Dictionary continued >>>
See A – F here.
With so much industry-specific language and terminology, we thought it would be helpful to pull together a useful A-Z that covers our services and provides a general market research ‘dictionary’.
The index shares some common sector acronyms and hopefully busts some myths that surround market research. Any others you come across and don’t quite understand feel free to contact us at email@example.com and we’ll do our best to help!
Discover G-H below…
Getting Research Done
It’s all in our name – Face Facts Research loves getting research done!
Our team has many years of experience from multiple backgrounds including full-service research agencies, and client side roles to working for an award-winning fieldwork provider! Happy clients are what we strive for and delivering quality data collection with an exceptional service ethic is how we achieve this.
We handle the logistical elements of managing recruiters, external fieldworkers and panel providers to give our clients the support and flexibility to focus on their client’s needs.
Our experienced internal teams across field/projects, account execs and data team work together to ensure we make the fieldwork processes seamlessly efficient, making research happen.
Qualitative research explores the attitudes, motivations, needs and beliefs of the consumer. It involves an in-depth examination based on small samples of people either business or consumer as required. It is not a statistically robust research process but is, nevertheless, a powerful tool that gives insight into how and why people do what they do.
Qualitative research provides in-depth insights into why/how people behave the way they do. It is open-ended and flexible, allowing respondents to be natural and talk freely. The moderator guides the discussion by asking relevant questions and may use a number of techniques. Historically the two key qualitative methodologies are/were;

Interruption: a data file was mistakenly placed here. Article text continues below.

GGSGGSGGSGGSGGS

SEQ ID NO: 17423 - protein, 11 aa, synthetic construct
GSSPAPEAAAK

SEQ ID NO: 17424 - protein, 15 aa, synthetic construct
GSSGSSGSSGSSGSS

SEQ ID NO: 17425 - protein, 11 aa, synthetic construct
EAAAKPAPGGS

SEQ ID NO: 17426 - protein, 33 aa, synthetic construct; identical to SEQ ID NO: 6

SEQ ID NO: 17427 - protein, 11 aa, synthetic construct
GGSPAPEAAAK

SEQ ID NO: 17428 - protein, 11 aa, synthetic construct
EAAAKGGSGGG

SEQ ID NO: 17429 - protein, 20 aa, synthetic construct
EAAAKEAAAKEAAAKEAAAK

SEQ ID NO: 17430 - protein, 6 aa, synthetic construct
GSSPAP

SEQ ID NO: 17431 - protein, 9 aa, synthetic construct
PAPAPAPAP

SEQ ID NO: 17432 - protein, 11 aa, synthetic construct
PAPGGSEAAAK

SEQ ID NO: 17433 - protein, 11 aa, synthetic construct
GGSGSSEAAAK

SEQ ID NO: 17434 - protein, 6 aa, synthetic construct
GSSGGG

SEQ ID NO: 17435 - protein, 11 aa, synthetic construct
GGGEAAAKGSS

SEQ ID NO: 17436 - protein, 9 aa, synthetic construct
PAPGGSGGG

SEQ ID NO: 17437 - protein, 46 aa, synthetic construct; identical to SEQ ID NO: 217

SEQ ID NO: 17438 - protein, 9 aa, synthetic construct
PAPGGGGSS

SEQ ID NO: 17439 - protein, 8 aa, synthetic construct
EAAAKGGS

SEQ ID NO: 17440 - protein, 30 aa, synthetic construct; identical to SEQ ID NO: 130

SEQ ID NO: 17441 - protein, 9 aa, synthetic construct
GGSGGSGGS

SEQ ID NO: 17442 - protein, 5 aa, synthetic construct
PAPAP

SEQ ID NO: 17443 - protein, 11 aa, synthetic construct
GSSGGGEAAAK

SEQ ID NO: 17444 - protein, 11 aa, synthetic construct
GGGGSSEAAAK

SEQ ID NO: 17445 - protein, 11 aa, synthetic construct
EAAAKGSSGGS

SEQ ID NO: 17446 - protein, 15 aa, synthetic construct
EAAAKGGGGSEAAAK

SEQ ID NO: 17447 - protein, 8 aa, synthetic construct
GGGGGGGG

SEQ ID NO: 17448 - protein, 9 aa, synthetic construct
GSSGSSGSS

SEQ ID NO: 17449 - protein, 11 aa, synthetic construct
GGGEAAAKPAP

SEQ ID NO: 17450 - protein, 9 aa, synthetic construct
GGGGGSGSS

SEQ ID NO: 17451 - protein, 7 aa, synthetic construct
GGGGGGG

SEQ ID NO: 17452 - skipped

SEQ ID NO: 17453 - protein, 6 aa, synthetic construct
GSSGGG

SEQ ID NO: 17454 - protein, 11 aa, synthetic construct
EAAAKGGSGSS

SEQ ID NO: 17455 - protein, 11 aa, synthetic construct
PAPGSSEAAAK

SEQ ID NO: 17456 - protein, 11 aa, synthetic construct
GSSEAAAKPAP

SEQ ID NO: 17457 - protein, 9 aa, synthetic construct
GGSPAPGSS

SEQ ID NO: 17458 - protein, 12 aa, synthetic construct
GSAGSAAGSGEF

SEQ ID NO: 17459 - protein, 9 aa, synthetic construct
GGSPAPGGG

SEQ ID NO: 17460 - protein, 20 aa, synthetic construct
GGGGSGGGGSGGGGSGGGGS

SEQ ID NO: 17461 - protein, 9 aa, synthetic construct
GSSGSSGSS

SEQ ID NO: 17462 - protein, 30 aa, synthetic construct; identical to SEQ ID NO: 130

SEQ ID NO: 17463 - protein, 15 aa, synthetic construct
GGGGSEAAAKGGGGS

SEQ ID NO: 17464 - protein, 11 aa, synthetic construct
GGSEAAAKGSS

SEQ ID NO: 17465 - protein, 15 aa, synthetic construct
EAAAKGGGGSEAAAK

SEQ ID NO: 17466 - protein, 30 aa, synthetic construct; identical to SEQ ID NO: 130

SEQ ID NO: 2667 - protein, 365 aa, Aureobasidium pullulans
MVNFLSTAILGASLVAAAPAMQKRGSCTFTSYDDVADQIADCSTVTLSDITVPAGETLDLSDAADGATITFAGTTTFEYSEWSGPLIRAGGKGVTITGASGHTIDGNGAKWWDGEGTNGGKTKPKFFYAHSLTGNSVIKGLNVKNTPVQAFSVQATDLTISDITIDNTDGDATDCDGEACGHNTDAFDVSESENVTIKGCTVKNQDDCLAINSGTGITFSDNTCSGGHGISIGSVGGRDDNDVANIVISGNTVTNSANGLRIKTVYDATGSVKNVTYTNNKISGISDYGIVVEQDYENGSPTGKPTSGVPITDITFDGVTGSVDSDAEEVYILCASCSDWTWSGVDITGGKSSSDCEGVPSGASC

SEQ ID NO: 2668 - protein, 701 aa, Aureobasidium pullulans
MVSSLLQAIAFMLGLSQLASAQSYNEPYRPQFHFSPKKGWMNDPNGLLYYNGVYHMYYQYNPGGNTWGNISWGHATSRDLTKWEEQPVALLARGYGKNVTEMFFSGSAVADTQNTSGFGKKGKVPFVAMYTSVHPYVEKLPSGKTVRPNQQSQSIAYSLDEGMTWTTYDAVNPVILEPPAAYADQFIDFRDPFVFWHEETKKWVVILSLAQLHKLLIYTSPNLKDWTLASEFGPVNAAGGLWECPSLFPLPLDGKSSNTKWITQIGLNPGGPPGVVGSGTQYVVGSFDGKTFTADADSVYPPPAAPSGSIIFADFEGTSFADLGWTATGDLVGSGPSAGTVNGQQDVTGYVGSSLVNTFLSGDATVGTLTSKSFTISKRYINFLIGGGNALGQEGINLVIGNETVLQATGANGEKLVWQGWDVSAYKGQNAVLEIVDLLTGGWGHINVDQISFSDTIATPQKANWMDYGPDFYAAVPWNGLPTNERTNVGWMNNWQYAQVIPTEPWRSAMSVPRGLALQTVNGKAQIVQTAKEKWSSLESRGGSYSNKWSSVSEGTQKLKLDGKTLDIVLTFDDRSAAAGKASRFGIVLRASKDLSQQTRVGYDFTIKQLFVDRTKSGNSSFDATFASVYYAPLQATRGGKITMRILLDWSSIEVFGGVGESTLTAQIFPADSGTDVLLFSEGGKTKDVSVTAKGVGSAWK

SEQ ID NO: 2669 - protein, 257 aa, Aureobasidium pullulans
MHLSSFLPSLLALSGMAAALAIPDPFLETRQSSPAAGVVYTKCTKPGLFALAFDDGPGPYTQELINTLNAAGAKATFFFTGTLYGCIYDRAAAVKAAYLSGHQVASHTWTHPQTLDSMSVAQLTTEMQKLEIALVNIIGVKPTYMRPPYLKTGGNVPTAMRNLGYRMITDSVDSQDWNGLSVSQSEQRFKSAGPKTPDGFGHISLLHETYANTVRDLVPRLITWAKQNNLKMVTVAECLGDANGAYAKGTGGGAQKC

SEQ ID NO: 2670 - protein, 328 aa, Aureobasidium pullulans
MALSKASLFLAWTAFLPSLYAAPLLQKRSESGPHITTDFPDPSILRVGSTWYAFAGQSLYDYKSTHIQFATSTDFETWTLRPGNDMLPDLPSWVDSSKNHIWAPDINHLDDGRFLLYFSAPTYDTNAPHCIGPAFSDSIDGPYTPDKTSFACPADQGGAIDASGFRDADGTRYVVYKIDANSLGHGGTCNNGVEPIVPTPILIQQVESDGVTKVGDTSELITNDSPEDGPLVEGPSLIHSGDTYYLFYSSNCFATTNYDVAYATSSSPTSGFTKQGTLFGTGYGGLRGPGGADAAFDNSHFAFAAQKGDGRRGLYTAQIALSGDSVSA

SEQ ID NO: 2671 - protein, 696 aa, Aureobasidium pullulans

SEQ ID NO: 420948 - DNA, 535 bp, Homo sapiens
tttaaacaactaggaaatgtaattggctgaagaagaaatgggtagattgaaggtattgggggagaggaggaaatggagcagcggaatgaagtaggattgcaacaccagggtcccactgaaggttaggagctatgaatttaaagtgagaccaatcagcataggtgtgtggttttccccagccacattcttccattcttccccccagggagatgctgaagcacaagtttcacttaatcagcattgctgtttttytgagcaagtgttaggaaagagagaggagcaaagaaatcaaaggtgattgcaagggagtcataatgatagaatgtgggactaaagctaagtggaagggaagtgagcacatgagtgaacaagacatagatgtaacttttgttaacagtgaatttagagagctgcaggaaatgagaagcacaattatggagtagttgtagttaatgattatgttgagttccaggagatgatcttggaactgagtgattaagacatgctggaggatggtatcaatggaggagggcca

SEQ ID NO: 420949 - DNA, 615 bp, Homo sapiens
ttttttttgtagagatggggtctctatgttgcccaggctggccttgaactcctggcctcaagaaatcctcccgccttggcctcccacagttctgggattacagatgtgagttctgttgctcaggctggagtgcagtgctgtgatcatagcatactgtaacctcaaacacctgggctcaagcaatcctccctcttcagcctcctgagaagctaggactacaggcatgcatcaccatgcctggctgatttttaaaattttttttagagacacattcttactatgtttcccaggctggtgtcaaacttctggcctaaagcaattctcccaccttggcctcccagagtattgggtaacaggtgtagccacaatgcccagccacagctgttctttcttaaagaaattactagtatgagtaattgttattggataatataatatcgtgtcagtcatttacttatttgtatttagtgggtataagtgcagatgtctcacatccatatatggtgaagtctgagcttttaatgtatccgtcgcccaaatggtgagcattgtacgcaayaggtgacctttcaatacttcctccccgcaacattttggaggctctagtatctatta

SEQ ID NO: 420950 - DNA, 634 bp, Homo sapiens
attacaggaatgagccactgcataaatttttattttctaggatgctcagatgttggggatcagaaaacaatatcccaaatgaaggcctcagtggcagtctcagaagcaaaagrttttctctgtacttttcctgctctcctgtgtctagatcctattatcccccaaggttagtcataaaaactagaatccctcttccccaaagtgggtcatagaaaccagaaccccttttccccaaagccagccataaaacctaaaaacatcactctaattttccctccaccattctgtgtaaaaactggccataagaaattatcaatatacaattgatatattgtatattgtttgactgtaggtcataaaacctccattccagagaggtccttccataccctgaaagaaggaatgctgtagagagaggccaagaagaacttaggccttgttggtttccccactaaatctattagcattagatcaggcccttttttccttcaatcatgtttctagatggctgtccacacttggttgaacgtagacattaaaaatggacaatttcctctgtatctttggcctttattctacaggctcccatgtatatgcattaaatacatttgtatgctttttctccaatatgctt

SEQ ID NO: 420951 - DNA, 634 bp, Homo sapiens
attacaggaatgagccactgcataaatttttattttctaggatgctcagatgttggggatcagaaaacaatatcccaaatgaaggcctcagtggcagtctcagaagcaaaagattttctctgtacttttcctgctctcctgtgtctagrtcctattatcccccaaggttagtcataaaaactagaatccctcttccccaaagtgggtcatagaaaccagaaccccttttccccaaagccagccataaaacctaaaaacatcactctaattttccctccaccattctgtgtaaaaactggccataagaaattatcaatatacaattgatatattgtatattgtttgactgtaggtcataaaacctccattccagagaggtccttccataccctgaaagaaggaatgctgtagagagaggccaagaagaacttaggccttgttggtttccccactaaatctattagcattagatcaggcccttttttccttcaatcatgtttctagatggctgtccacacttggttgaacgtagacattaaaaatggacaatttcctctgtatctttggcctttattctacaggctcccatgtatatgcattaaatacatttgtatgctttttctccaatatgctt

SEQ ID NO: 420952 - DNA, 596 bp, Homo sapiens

- Group discussions (groups) – traditionally include 8-9 people per session
- Individual depth interviews (depths) – one to ones
Both approaches can take place either face-to-face or online. During Covid times all research utilised the online approach and now there is more flexibility in terms of the approach adopted by agencies.
Over the years qualitative research has progressed and you may hear about other variations:
- Mini-group discussions (anything from 3 people per session)
- Extended creativity groups (3-4 hour sessions with lots of content and structure)
- Reconvened group discussions (longitudinal studies that can include more than one session)
- Family Groups/Family visits
- Paired depths or friendship pairs
- Accompanied shops/visits
Get it, Got it, Good – A Face Facts mantra!
Our team gets it – understanding the research process from the client, agency and fieldwork supplier angle means we fully understand clients’ needs and keep clients’ deliverables as our key focus.
We’ve got it – bringing the best of both worlds Jules and Rachel have over 50 years in the market research business. Combining their experience you benefit from an impressive set of skills, which are further enhanced by the experienced Field, Data & Account Management Teams.
It’s all good – the team can be trusted to ensure your fieldwork needs are thought through, understood and delivered as required, they love nothing more than getting research done!